Biting into GM
Stewart and the Soil Association should instead look more critically at the claims they make for organic farming. In the past decade, serious scientific investigation has disposed of most of them.
Compared with good conventional farms, organic food is no different nutritionally, soil structure and fertiliser pollution is no better, biodiversity increases seem limited to weed numbers and organic greenhouse gas emissions are threefold higher compared with conventional no-till farming.
As for safety, 53 people died and 4,000 were made ill in Germany from eating organic fenugreek seedlings in 2011.
GM food safety has been established by hundreds or more of exacting and long-term animal tests. Many hundreds of millions of people consume GM food daily but none has died from it.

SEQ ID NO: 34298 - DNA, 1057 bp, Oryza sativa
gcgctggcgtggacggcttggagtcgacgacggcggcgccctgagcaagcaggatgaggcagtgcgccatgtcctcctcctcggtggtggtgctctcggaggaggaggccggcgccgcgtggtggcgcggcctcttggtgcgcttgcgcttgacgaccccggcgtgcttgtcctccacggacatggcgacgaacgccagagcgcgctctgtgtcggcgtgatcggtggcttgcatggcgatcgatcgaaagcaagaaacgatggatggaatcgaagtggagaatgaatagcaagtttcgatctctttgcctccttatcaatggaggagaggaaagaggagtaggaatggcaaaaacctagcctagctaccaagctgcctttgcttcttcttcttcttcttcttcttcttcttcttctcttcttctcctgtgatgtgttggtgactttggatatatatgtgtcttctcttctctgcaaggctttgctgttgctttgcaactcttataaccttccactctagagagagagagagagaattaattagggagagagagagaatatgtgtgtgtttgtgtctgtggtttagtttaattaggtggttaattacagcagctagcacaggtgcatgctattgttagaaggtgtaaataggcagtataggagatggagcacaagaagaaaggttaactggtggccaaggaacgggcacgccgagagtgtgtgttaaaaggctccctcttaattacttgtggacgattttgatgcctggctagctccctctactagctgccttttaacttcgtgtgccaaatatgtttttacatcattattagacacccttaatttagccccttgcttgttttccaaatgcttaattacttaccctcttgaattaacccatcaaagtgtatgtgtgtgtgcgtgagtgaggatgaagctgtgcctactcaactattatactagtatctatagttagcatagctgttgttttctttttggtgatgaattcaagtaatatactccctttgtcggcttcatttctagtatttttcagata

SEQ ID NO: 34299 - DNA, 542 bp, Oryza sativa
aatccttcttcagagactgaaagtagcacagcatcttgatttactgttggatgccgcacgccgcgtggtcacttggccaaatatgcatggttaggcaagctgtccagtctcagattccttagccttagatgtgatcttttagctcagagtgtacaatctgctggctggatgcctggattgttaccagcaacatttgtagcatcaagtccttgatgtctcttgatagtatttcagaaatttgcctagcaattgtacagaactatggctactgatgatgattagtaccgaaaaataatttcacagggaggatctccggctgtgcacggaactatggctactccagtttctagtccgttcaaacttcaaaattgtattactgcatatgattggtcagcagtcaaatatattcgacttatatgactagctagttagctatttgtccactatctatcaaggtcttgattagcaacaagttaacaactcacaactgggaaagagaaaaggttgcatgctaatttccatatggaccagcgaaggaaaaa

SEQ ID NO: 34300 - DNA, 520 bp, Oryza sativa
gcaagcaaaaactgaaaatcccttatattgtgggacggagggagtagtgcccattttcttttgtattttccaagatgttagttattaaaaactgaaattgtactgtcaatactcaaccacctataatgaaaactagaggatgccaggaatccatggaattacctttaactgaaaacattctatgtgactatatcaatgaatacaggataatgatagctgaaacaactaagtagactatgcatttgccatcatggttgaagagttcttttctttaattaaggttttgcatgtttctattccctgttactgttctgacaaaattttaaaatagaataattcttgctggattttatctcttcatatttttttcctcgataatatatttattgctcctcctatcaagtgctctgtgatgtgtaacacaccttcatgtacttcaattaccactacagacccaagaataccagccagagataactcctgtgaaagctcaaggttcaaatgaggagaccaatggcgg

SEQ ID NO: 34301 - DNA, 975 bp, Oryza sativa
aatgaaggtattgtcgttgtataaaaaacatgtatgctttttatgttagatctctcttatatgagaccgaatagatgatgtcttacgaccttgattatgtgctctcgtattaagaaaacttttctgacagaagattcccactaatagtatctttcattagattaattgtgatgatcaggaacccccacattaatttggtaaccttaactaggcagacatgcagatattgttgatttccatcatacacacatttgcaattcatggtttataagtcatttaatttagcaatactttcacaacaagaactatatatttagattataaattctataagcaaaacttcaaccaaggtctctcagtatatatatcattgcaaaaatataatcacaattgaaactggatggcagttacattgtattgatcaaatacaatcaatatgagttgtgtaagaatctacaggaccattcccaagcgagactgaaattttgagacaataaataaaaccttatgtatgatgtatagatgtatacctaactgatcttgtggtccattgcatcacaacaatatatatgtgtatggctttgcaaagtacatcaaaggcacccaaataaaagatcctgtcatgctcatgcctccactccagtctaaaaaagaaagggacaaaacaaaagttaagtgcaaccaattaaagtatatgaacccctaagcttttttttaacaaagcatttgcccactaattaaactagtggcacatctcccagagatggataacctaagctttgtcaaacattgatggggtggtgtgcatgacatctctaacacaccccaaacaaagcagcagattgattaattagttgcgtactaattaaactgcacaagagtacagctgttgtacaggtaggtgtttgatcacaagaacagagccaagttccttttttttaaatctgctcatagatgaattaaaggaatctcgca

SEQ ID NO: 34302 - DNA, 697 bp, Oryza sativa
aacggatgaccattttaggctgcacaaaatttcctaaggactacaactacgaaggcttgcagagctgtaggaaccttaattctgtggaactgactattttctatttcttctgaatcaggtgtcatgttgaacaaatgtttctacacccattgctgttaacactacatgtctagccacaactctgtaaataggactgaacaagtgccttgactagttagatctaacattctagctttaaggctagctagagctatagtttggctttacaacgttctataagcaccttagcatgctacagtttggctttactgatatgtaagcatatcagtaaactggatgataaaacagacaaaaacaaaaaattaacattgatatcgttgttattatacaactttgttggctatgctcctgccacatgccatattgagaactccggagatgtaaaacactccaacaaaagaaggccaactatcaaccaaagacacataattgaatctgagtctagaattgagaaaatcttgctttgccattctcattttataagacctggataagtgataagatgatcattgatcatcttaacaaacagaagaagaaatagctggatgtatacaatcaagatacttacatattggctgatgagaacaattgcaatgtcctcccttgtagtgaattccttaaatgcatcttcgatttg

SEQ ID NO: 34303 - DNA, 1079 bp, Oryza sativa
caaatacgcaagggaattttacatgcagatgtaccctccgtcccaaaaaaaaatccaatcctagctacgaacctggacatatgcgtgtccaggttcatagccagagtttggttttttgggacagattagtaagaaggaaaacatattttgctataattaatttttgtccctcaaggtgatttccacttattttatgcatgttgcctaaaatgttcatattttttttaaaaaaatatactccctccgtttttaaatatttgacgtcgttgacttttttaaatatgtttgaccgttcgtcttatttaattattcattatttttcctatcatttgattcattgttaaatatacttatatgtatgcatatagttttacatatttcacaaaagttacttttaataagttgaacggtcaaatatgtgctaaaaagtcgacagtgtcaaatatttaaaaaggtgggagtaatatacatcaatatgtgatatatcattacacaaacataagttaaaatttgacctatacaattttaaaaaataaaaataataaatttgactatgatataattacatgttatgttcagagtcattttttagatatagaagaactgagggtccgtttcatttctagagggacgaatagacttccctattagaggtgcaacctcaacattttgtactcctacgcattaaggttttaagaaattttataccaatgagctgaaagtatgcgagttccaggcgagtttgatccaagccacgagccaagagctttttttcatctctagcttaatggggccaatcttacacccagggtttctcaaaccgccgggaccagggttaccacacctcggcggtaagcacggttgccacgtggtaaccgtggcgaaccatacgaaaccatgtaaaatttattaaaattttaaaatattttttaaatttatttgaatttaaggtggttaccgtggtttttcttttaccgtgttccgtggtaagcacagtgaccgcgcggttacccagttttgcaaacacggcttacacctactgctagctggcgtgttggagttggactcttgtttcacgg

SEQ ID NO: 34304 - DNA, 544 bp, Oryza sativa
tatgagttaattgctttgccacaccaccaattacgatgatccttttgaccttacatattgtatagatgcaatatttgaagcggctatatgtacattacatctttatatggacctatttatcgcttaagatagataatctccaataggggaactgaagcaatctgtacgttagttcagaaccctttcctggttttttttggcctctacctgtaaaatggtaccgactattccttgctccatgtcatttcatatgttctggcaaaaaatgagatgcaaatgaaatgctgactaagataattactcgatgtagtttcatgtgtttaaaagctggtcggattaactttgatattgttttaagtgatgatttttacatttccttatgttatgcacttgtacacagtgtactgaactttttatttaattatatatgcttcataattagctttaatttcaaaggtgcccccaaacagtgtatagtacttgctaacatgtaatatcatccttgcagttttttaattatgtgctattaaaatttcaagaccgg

No-one tests organic food. Organic farming is not sustainable because it uses petrol to drive tractors and machinery and allows, when essential, use of minerals.
Both of these are mined from limited and thus unsustainable sources. Failure to replace the minerals in produce sold off-farm mines the soil. Because organic regulations prohibit routine mineral use, increasing numbers of organic fields have become mineral deficient.
Humans have fiddled with crops for 10,000 years to increase yield, usually by breeding from spontaneous mutants that are simply “natural GM”.
More recently, radiation-induced mutations have been generated and these crops are used by organic farmers as well as others.
If GM crops are considered untrustworthy because they are produced by large corporations then logically we should ban, for example, penicillin or corn flakes because large corporations produce those too.
The attitude of the Scottish Government is based on superstition and poor biological education, in contrast to Westminster which prefers farming methods to be based on evidence and farmer and public choice.
(Prof) Tony Trewavas FRS FRSE
Scientific Alliance Scotland
North St David Street